The Nature Conservancy, the Environmental Defense Fund and WWF topped the first-ever corporate ratings of environmental advocacy groups, according to a new report.
The study was based on a survey of more than 200 companies.
The GreenBiz NGO Report, released last week at the annual GreenBiz Forum outside Phoenix, Arizona, asked companies – about three-quarters with revenue over US$1 billion (Bt32.5 billion) – to assess 30 of the largest environmental non-governmental organisations on their credibility and influence. It grouped the 30 NGOs into four distinct types, from “Trusted Partners” to “The Uninvited”.
“For years, we’ve seen corporations rated, ranked and reviewed by a wide range of NGOs. This is often part of a name-and-shame campaign compelling big brands to make big changes,” said John Davies, vice president and senior analyst at GreenBiz Group, which produces the GreenBiz Forum. “We decided to turn the tables and have sustainability executives rate leading NGOs.”
Each of the 30 NGOs were rated on the basis of their credibility and influence and were placed in one of four groups:
lTrusted Partners – Corporate-friendly, highly credible, long-term partners with easy-to-find public success stories.
lUseful Resources – Highly credible organisations known for creating helpful frameworks and services for corporate partners.
lBrand Challenged – Credible, but not influential, organisations.
lThe Uninvited – Less-known groups, or those viewed more as critics than partners.
The study looked at the top priority areas for corporations to engage with NGOs: climate change, community engagement and energy (both renewables and efficiency).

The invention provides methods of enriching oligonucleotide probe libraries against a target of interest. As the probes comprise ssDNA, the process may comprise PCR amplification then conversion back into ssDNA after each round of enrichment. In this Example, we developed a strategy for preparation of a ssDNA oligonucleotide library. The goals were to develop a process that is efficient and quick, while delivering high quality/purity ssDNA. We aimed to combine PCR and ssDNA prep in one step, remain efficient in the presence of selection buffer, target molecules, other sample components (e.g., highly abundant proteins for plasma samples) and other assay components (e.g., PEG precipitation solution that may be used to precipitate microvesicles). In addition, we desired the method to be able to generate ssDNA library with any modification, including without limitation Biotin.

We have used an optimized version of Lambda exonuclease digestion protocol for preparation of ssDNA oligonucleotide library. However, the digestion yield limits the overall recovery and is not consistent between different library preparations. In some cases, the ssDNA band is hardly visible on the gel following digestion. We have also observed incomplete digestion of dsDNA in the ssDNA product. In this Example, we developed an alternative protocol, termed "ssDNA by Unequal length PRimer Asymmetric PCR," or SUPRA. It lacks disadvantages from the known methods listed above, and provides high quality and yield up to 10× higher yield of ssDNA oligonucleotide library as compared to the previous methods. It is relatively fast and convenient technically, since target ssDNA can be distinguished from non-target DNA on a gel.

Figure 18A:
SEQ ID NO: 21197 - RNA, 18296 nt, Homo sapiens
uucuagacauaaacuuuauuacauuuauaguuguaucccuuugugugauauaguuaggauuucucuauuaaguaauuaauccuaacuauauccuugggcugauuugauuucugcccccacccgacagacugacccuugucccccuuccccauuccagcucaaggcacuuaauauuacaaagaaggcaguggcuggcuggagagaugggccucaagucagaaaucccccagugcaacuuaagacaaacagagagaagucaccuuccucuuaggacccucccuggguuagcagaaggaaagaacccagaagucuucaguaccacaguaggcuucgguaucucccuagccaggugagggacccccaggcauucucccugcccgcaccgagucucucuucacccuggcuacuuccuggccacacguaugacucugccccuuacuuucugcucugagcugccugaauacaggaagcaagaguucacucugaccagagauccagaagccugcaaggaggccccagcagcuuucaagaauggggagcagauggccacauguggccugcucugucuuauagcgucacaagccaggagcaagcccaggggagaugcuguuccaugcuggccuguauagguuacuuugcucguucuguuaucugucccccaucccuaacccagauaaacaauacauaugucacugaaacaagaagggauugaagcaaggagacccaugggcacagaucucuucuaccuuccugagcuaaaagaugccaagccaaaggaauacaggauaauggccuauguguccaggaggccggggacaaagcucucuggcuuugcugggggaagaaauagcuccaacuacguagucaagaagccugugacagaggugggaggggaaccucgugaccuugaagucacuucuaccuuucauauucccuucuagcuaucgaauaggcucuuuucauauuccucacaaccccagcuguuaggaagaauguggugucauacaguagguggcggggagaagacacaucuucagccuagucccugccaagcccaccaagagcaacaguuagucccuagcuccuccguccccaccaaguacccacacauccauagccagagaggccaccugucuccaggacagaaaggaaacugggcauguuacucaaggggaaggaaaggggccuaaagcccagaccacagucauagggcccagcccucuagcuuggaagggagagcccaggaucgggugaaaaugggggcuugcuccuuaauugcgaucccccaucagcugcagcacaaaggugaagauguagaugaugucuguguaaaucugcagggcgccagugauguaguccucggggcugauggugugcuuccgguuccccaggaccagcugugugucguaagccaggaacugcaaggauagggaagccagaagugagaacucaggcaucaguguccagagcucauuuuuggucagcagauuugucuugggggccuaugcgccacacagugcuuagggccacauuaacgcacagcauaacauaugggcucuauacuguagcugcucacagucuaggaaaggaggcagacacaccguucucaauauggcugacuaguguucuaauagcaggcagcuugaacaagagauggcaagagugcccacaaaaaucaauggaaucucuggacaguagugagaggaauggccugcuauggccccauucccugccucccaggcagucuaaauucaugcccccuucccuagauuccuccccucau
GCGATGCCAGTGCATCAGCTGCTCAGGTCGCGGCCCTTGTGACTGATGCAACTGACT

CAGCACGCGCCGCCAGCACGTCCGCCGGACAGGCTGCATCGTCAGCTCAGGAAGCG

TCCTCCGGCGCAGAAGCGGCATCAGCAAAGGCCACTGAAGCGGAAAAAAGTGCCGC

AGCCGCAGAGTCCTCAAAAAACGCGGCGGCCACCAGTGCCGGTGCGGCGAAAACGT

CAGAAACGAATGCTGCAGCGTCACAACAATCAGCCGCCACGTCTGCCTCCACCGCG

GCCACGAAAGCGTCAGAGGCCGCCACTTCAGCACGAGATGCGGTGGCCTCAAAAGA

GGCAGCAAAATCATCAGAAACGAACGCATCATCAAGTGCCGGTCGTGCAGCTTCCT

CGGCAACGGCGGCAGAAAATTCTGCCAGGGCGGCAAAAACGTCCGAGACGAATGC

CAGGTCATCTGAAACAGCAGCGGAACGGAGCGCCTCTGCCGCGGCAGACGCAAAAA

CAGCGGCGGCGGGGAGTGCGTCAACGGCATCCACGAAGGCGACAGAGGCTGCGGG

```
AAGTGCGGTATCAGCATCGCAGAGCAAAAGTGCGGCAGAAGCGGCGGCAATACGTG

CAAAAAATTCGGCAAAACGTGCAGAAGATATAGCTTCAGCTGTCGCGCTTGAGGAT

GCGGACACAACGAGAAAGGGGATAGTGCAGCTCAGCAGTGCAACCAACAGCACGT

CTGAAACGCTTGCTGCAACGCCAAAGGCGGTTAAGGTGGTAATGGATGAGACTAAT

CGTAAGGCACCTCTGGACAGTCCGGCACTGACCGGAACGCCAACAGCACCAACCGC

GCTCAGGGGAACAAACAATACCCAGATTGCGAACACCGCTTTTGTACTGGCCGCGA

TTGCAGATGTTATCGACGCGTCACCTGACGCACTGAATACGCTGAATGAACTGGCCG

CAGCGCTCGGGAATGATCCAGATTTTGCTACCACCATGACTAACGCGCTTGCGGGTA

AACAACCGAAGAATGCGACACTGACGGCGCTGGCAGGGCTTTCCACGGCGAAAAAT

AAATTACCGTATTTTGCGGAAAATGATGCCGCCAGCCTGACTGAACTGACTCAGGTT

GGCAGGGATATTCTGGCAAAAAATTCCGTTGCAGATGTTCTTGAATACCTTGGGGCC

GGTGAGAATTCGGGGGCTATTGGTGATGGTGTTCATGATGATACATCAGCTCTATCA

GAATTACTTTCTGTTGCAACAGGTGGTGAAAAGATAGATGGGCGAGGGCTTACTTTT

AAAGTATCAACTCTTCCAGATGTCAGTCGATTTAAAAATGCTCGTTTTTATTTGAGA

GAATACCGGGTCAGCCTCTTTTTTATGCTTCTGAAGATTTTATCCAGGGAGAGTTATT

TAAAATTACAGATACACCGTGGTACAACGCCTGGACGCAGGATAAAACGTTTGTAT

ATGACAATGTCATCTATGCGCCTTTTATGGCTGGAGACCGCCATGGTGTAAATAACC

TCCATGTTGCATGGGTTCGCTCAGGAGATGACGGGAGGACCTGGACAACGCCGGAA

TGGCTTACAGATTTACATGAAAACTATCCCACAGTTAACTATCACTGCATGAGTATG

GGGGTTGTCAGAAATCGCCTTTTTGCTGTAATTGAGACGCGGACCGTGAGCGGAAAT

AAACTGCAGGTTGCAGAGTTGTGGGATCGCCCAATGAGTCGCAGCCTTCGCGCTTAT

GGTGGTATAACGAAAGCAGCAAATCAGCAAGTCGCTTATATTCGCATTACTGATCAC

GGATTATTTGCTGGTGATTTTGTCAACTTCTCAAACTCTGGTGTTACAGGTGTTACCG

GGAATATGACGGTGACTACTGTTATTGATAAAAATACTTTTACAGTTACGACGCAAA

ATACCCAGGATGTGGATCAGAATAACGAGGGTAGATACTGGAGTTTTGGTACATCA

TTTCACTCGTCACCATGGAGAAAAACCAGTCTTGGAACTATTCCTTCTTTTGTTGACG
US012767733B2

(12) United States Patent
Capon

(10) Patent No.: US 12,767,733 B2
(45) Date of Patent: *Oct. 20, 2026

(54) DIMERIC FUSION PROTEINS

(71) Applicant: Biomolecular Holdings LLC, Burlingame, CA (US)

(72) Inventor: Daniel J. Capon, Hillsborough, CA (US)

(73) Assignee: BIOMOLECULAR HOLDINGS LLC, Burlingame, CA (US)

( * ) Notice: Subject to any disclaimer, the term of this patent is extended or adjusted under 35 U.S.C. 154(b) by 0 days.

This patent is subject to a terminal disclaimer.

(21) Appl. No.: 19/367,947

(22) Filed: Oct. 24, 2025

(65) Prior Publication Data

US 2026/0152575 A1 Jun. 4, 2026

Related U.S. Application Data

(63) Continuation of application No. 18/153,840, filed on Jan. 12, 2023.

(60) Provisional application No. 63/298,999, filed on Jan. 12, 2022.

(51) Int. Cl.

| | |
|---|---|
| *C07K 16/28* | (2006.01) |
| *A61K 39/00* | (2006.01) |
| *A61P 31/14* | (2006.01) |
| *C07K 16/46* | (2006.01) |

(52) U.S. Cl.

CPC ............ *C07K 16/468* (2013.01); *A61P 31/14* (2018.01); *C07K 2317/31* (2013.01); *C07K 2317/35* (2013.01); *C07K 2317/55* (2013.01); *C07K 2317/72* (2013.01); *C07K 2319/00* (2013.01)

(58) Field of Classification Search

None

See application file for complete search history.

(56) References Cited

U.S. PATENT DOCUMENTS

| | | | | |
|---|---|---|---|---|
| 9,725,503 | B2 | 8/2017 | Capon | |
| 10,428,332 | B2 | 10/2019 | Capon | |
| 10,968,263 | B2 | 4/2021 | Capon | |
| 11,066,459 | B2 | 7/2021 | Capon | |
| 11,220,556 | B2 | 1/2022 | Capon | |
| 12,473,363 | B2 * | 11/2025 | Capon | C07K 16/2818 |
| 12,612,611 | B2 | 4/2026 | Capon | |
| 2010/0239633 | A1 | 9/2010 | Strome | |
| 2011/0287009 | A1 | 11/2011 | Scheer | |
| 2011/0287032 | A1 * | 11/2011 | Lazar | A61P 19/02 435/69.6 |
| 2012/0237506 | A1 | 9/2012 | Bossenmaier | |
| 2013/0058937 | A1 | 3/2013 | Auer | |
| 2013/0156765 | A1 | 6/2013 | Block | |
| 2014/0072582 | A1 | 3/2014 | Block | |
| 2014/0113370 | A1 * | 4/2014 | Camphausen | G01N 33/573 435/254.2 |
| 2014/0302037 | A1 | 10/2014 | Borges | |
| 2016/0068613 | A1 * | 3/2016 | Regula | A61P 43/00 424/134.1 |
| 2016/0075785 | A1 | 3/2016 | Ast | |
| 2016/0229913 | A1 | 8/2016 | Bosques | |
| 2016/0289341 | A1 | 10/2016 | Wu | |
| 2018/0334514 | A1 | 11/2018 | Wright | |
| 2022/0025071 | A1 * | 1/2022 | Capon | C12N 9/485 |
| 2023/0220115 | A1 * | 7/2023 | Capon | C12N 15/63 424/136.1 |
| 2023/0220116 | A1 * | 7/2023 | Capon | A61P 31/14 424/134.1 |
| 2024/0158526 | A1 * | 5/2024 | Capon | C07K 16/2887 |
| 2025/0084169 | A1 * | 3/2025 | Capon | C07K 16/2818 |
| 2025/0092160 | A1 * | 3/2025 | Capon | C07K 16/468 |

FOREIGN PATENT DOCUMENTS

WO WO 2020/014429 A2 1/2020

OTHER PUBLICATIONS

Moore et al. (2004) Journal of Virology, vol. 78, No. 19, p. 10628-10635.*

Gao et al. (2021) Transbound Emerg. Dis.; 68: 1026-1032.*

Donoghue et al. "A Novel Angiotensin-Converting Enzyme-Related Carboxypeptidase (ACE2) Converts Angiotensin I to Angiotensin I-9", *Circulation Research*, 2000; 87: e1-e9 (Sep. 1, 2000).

It also asked business panellists to identify the types of working relationships they preferred when engaging with NGOs. They said they preferred long-term partnerships over shorter ones, and looked to NGOs to get their perspectives on relevant issues. Not quite half said they worked with NGOs only on specific, short-term projects.
The annual GreenBiz Forum this year was attended by more than 500 corporate sustainability professionals representing some of the world’s largest companies. The event is tied to the publication of GreenBiz’s annual “State of Green Business” report, which assesses the key trends and indicators of progress by companies in addressing their key environmental impacts.
The free report can be downloaded on the GreenBiz website.
In addition to the three organisations that topped the ratings in the GreenBiz NGO Report, other leaders included BSR, Ceres, Conservation International, Greenpeace, the Natural Resources Defense Council, the US National Wildlife Federation, Oxfam, Rainforest Alliance, Rocky Mountain Institute, Sierra Club and the World Resources Institute.
The lowest-rated NGOs, the Uninvited, included groups that focus primarily on name-and-shame actions rather than on developing working partnerships with companies, including the Dogwood Alliance, Earth First, Earthjustice, Forest Ethics and the Rainforest Action Network.
GreenBiz Group’s mission is to define and accelerate the business of sustainability. It does this through a wide range of products and services, including its website GreenBiz.com and daily e-newsletter GreenBuzz; webcasts on topics of importance to sustainability and energy executives; research reports, such as the annual State of Green Business; the GreenBiz Executive Network, a membership-based, peer-to-peer learning forum for sustainability executives from Fortune 1000 companies; and conferences such as the GreenBiz Forum and VERGE.